What aspects of William Faulkner's "A Rose for Emily" could best be used for literary analysis?
One aspect of William Faulkner’s “A Rose for Emily” that lends itself well to analysis is the fact that the story is told by a first-person narrator. This fact is clear from the very first paragraph:
WHEN Miss Emily Grierson died, our whole town went to her funeral: the men through a sort of respectful affection for a fallen monument, the women mostly out of curiosity to see the inside of her house, which no one save an old man-servant--a combined gardener and cook--had seen in at least ten years.
Practically every word the narrator offers when telling the story almost inevitably characterizes the narrator in some way. Even as he reports details of the plot and describes the other characters, he also offers subtle clues about himself.
In the paragraph quoted above, for instance, it seems significant that he uses the word “Miss.” This word not only introduces a key theme of the story (that Emily is unmarried), but it also implies that the narrator believes in addressing people by respectful titles. The effect of the sentence would be different – less polite, less mannerly, more modern – if the narrator had not used the word “Miss.” The fact that the narrator uses the word “our” implies that he sees himself as a part of the community he describes. The effect would be different if he had merely said “the” community. The narrator would then seem more distant from, and less involved with, the community he is describing. Presumably the narrator himself was present at the funeral; if he had simply said “the whole town,” he might have implied that he did not attend. Moreover, his distinction between the men and the women implies that such distinctions are important to the town and to him as well (otherwise he might not have mentioned it). Both the reference to “a fallen monument” and the description of the women’s motives may imply a sly sense of humor.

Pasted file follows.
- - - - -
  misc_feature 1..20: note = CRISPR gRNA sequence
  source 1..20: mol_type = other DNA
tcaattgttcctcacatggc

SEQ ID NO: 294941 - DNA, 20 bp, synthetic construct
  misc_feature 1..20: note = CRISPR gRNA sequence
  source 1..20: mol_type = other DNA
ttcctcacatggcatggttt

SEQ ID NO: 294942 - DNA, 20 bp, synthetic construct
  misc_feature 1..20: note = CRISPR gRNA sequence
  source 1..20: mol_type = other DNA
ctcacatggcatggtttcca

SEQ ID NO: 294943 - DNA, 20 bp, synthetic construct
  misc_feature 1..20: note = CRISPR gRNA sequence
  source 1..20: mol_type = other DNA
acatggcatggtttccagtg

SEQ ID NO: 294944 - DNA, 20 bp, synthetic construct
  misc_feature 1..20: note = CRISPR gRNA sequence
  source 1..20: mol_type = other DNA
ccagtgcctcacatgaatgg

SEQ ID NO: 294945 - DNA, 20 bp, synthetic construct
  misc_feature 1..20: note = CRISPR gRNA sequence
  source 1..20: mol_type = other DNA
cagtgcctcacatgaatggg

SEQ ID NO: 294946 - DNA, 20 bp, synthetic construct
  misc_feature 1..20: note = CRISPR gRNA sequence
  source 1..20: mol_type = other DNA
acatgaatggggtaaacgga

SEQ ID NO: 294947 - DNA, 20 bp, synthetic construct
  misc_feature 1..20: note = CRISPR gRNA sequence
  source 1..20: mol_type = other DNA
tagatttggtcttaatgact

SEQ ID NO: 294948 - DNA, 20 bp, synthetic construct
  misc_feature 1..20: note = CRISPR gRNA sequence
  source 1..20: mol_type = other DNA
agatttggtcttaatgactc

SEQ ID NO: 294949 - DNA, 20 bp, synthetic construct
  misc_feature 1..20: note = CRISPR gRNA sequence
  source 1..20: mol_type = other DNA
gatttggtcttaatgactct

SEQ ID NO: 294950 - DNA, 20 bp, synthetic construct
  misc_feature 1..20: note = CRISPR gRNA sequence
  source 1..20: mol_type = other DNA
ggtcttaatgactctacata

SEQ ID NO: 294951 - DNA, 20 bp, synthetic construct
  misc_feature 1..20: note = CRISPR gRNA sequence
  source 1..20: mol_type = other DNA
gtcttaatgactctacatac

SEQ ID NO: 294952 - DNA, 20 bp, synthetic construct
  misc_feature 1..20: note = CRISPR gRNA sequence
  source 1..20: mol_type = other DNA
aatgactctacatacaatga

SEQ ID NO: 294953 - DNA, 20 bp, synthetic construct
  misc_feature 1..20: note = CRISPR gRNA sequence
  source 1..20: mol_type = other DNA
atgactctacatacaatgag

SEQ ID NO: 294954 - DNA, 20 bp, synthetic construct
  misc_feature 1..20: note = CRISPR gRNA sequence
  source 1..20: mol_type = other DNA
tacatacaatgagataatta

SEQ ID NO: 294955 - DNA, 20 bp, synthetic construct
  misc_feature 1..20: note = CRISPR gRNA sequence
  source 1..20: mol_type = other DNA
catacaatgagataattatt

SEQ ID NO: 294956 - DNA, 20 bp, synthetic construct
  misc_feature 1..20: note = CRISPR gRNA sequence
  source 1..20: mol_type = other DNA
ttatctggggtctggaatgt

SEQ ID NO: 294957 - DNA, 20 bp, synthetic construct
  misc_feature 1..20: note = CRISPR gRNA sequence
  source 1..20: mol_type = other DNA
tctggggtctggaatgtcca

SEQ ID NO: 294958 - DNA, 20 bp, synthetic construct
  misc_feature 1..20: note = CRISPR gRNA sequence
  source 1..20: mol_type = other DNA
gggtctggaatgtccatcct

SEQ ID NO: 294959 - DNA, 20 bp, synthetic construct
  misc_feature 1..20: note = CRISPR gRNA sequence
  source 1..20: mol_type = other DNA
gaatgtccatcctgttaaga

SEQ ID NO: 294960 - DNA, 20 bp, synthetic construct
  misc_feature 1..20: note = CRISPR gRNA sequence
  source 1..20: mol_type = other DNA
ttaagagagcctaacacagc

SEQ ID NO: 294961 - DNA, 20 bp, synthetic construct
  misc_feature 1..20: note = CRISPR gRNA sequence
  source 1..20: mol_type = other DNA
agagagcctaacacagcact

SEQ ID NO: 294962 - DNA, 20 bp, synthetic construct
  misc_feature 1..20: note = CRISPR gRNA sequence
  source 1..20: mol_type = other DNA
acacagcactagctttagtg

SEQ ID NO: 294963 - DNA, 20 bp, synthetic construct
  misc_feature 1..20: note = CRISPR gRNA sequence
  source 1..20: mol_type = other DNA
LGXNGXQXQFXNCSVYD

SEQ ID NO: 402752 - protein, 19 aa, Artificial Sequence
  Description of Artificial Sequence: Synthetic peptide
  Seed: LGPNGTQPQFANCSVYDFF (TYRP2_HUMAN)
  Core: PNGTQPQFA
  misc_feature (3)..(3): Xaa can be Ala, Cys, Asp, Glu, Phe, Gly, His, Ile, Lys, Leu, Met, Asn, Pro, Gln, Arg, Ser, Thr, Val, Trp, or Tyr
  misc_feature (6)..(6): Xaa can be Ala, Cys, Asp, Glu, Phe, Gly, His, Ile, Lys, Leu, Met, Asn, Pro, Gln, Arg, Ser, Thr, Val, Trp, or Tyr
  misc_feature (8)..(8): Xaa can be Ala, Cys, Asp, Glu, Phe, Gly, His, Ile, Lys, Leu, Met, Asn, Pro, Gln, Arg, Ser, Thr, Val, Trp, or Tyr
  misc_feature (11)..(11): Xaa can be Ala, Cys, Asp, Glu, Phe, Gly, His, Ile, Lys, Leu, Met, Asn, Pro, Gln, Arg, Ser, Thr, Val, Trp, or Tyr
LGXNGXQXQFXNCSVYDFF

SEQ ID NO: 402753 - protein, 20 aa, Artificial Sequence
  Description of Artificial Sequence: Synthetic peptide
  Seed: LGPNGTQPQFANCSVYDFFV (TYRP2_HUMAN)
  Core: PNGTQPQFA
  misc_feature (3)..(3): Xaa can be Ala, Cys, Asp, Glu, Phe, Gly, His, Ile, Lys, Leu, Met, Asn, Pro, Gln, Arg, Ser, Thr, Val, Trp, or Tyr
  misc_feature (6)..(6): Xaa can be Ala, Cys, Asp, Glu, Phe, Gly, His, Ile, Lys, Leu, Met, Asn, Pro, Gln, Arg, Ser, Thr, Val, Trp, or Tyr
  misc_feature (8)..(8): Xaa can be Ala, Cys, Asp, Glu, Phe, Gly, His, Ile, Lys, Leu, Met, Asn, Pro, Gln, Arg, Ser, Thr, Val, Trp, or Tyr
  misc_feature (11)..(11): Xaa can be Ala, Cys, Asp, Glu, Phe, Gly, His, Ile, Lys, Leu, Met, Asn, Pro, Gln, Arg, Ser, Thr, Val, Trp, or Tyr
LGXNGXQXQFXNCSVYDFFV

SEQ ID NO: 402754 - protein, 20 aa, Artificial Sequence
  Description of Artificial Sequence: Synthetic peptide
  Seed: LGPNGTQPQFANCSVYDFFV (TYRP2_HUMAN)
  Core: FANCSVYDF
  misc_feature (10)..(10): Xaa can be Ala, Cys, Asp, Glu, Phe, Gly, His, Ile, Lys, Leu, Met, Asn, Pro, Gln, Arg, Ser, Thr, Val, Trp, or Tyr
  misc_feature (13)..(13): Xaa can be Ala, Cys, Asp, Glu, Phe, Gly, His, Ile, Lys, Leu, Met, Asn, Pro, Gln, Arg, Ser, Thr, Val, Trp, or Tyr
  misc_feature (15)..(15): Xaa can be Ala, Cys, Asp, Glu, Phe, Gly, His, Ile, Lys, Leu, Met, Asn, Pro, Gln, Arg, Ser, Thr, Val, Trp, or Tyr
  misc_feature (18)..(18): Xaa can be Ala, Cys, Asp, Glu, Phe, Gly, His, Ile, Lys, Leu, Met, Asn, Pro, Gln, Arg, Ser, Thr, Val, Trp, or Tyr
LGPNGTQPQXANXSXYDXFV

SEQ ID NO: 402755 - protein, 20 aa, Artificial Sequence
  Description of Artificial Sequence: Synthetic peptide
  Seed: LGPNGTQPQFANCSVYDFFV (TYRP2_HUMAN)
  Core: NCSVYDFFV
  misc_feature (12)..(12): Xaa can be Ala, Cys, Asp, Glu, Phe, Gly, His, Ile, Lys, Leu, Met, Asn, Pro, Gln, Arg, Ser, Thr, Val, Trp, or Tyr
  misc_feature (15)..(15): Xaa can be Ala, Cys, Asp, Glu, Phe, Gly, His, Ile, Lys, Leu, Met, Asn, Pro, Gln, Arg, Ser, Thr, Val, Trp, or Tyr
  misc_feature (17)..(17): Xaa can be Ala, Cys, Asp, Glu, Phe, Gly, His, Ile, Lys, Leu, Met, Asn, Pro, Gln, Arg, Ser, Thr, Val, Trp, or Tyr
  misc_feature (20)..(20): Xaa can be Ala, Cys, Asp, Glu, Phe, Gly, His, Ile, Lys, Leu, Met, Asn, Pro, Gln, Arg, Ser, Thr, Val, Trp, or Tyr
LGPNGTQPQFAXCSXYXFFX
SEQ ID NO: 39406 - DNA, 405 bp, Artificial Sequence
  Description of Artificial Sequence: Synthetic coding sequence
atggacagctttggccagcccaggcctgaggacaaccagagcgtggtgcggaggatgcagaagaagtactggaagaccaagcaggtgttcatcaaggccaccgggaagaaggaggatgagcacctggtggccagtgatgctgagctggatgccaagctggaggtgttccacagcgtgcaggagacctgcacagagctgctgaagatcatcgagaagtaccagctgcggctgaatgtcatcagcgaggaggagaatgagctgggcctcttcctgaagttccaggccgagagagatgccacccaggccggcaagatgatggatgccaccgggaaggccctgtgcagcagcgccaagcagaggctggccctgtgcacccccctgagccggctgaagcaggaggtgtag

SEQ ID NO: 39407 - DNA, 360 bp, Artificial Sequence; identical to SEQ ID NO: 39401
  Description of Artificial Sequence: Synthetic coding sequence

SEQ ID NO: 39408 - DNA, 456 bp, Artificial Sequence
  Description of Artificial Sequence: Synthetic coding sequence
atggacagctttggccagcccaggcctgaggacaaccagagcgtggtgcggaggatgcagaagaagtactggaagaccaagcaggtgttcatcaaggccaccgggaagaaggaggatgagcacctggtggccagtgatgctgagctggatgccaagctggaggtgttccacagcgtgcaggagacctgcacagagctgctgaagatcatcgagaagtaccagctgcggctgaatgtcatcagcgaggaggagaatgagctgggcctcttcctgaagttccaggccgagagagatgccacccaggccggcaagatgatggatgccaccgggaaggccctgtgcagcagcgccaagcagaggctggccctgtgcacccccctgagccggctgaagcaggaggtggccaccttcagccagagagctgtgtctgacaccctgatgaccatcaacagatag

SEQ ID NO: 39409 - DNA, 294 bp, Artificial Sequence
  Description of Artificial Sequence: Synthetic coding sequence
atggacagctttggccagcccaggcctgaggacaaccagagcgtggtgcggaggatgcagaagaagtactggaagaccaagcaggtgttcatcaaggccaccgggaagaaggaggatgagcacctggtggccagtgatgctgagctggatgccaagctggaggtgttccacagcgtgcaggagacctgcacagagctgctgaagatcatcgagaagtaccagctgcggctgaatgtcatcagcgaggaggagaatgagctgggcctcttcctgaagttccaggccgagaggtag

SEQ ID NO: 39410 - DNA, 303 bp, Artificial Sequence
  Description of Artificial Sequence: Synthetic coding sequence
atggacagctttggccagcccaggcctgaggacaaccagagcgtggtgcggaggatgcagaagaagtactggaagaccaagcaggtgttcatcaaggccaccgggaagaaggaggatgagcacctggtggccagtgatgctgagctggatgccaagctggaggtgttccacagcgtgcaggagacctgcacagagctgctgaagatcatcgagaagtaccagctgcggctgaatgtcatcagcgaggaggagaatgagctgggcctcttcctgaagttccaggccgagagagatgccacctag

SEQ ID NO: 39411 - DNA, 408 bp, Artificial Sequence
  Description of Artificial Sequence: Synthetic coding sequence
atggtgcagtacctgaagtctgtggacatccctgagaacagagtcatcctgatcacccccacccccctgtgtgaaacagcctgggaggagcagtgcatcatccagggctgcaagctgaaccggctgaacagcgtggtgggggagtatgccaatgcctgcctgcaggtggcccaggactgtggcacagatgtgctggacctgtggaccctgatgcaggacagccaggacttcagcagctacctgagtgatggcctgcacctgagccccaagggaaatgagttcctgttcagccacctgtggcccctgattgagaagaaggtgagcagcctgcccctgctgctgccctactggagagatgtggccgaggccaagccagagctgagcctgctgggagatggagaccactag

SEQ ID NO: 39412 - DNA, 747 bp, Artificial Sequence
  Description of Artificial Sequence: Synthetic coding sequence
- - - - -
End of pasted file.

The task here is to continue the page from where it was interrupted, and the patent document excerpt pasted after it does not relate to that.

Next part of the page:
Whether or not one focuses on the narrator as the object of analysis, the preceding paragraph indicates that close attention to the actual phrasing of the story can also be a worthy topic of analytical attention. In a well-written piece of literature, every word, ideally, counts and is important. Every word contributes something to the meanings, effects, and effectiveness of the piece. Focusing close attention of the actual phrasing of the story is an excellent way to develop one’s analytical skills and is also an excellent way to provide a detailed response to a writing assignment.
Another element of Faulkner's superb short story, "A Rose for Emily" worthy of analysis is his clever use of setting. For, each of the five sections into which the story is divided is a shift in time; and, it is these shifts of time with the narrator's flashbacks that prevent readers from "putting all the pieces together." In addition, these shifts in time help to create the Gothic horror of the discovery at the end.
Divided into five sections, "A Rose for Emily" has the first and last dealing with the present, the now of the narrative, while the three middle sections detail the past. Thus, the story begins and ends with the death of Miss Emily Grierson; the three middle sections cover the time right after her father's death and shortly after her "beau," Homer Barron, has deserted her, to the time of her death.
Critics argue the shifts in time are metaphorical characterizations of the states of mind that the townspeople pass through in their evaluation of Miss Emily. Employing the narrators' remark,
Thus she passed from generation to generation--dear, inescapable, impervious, tranquil, and perverse.
in his essay, "'A Rose for Emily': Another View of Faulkner's Narrator," William V. Davis correlates the two sections of present time with the adjectives that fall to them, giving Miss Emily to the reader as the paradox she has become in death: "dear" and "perverse," while before her death, she was "inescapable, impervious, and tranquil." And, so, the woman who has been inscrutable and impenetrable is finally clarified by the shifts of time. Indeed, the first section foreshadows the last: Her house smells of "dust" and "disuse" in "coquettish decay," there is a "tarnished gilded easel," and Miss Emily looks "bloated, like a body submerged"; in the last section, the man's toilet things are "tarnished silver" and "patient and biding dust" coats what is left of the nightshirt.
The shifts in time of Faulkner's setting serve to further the Gothic horror while they explicate the narrative. And, as part of the plot, they hold the key to understanding "A Rose for Emily."